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Communication with UNOG Director General, Michael Moeller


Jill Carr Harris and Rajagopal PV, Members of JJ2020 Advisory Committee Meet Michael Moeller

Director General, UNOG

UN Plaza, Geneva


November 8th, 2018


Dear Director General Moeller:

We have indicated that we are here to discuss the Jai Jagat 2020 action with you. We have put down the points which we thought relevant to the discussion.

In beginning this conversation, there are two overarching principles that we humbly bring to your attention:


1. In the spirit of Gandhi 150th anniversary celebrated over the course of a year up to October 2nd, 2020, we intend to highlight the overarching principle of nonviolence. This means that the Jai Jagat campaign is encouraging people to redouble their efforts to deal with the deep conflicts both for preempting war, and also for curbing violence brought on by poverty, social exclusion and ecological destruction. Some people express today that we face existential threats like never before in history that require us to focus on the survival of humankind.


Gandhi introduced the term nonviolence, even though it was not a common term in western development for purposes of focusing nonviolence or peace not only as an end –peaceful societies, but also nonviolence was “a means”. Gandhi said: “the means may be linked to a seed, the seed to a tree; and there is just the same inviolable connections between the seed and the tree”. We may say simply that nonviolent actions are the (only) way to achieve nonviolence and peace.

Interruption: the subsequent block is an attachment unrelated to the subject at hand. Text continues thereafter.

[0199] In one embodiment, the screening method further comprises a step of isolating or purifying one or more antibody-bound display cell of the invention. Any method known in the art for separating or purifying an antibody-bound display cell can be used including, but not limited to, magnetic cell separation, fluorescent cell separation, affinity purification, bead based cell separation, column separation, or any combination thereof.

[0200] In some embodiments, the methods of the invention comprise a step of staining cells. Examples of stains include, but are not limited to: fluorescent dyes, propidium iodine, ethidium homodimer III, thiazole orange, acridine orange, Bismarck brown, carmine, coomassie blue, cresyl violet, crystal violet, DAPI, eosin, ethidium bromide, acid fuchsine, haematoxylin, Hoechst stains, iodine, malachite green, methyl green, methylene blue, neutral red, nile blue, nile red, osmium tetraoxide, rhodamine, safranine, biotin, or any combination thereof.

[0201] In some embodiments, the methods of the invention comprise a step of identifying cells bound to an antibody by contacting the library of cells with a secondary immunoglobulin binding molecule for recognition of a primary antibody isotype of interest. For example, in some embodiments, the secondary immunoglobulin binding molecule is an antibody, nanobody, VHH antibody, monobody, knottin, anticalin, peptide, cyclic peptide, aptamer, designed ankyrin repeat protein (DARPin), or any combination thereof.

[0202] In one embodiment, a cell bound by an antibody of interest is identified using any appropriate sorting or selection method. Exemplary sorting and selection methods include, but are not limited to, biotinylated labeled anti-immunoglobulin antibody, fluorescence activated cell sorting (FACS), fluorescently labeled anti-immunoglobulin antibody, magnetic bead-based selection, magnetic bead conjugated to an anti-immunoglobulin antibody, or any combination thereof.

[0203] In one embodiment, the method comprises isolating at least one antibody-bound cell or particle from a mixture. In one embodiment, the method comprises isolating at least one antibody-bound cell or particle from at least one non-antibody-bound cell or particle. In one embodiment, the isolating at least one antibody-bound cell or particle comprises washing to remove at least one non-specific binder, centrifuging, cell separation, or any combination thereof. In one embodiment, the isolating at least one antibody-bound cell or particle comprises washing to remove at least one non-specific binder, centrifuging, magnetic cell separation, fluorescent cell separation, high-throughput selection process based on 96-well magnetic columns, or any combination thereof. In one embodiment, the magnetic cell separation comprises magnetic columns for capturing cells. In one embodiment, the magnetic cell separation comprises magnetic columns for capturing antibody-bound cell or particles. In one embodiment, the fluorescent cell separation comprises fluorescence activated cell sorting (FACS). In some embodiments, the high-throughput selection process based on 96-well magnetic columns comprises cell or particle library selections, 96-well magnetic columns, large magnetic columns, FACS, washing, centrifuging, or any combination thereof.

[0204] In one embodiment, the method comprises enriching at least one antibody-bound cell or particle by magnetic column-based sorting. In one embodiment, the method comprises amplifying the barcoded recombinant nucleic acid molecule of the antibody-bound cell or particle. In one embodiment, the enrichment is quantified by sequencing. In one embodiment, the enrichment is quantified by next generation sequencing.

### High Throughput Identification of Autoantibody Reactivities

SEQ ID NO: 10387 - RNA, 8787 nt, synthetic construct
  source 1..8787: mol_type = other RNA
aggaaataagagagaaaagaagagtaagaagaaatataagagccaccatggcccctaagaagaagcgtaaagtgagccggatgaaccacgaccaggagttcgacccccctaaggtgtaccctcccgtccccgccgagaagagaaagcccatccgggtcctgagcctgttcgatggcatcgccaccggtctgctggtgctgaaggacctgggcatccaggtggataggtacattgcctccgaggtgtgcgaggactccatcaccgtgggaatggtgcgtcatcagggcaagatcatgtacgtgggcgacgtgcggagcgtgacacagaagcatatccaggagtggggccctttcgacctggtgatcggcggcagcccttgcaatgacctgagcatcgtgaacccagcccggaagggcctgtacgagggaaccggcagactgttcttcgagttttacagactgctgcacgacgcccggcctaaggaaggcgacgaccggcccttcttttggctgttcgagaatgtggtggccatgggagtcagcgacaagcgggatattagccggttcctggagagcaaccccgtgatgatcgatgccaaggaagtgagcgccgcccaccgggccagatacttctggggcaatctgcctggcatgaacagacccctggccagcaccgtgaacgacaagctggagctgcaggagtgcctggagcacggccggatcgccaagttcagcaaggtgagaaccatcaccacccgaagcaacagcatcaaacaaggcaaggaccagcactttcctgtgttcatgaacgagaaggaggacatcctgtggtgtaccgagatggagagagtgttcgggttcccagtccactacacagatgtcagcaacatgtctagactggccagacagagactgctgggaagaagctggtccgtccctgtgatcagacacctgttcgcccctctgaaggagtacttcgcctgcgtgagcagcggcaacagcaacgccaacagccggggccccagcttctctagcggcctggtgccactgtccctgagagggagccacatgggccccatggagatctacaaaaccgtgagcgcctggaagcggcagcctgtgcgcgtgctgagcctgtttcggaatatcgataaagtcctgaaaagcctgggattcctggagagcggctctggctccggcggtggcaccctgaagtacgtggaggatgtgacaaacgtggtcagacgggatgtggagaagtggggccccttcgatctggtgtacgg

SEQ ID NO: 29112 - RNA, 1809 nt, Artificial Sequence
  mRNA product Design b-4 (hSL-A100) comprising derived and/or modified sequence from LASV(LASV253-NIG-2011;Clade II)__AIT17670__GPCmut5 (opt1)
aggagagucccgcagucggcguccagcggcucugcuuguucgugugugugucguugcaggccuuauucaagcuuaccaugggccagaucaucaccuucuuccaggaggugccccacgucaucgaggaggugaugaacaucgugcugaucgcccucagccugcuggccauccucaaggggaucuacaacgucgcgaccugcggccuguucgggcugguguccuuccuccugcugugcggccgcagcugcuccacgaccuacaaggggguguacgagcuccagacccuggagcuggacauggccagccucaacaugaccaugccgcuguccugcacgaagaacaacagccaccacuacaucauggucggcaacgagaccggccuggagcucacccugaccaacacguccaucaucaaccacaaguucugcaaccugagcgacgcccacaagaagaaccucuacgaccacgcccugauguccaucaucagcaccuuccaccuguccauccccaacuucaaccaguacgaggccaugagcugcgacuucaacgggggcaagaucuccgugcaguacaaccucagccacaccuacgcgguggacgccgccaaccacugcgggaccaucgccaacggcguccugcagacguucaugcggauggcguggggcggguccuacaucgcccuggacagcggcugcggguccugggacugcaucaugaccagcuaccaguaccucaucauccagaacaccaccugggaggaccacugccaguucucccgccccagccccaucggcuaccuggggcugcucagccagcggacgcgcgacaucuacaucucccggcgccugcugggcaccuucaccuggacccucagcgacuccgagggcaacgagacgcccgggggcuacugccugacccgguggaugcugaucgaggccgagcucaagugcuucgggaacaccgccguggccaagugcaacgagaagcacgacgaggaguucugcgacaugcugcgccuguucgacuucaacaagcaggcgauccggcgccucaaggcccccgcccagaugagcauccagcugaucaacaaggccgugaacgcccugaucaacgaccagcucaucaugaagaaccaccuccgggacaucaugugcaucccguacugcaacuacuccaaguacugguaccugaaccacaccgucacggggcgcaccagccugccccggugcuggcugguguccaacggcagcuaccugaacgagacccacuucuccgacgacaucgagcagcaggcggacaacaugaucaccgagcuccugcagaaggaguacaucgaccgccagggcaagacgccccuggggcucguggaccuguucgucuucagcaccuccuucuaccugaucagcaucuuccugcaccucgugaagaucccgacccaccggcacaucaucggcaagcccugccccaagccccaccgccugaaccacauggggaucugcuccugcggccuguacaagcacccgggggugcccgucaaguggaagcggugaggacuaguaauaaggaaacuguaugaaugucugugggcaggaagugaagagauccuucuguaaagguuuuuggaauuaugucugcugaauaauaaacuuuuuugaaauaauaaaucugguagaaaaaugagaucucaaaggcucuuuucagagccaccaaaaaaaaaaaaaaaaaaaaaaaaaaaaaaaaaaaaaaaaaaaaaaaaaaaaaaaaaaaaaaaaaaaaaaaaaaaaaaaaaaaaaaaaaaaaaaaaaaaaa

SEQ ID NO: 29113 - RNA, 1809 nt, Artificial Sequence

The Jai Jagat campaign emphasizes nonviolent training before the planned marches, in the marches and at the site of the Geneva action. This is based on many years of experience in India where people’s social action at the grassroots engaged in nonviolent dialogue, and in finding solutions in challenging problems. An example of this is Ekta Parishad.


2. The second overarching principle is inclusion. Specifically the participation of the most marginalized and poor in development. The UN provides civil society with consultative status, but people living at the bottom of the socio-economic hierarchy do not need to be consulted, they need to be participants. People at the grassroots are underestimated, treated as “targets” and in the process dehumanized. If listened to, they have solutions for solving poverty-related problems. Oftentimes our well-intentioned programs do not enable them to be engaged, empowered and contributors to society. By dehumanizing large populations, we create deep social conflicts. Migration, displacement and loss of resources are some of the root causes of conflicts.


The UN family has taken up the SDGs as a way to counter some of these problems framed on the principle of inclusion, “no one left behind’. This is admirable and we congratulate you and others that have brought this into the UN.


The Jai Jagat is aimed at aligning itself with the SDGs. It is also necessary that there be the space for people from the grassroots to show where this may not be working, so that dialogue can be furthered between civil society and UN agency personnel. Even though it is recognized that it is in purview of the member states to carry out the SDGs, civil society plays an important role at the national/international levels to make government accountable. A civil society including people’s organizations is highlighted. This is why the Jai Jagat march and Geneva action will advance the views of grassroots groups and social movements to the extent possible.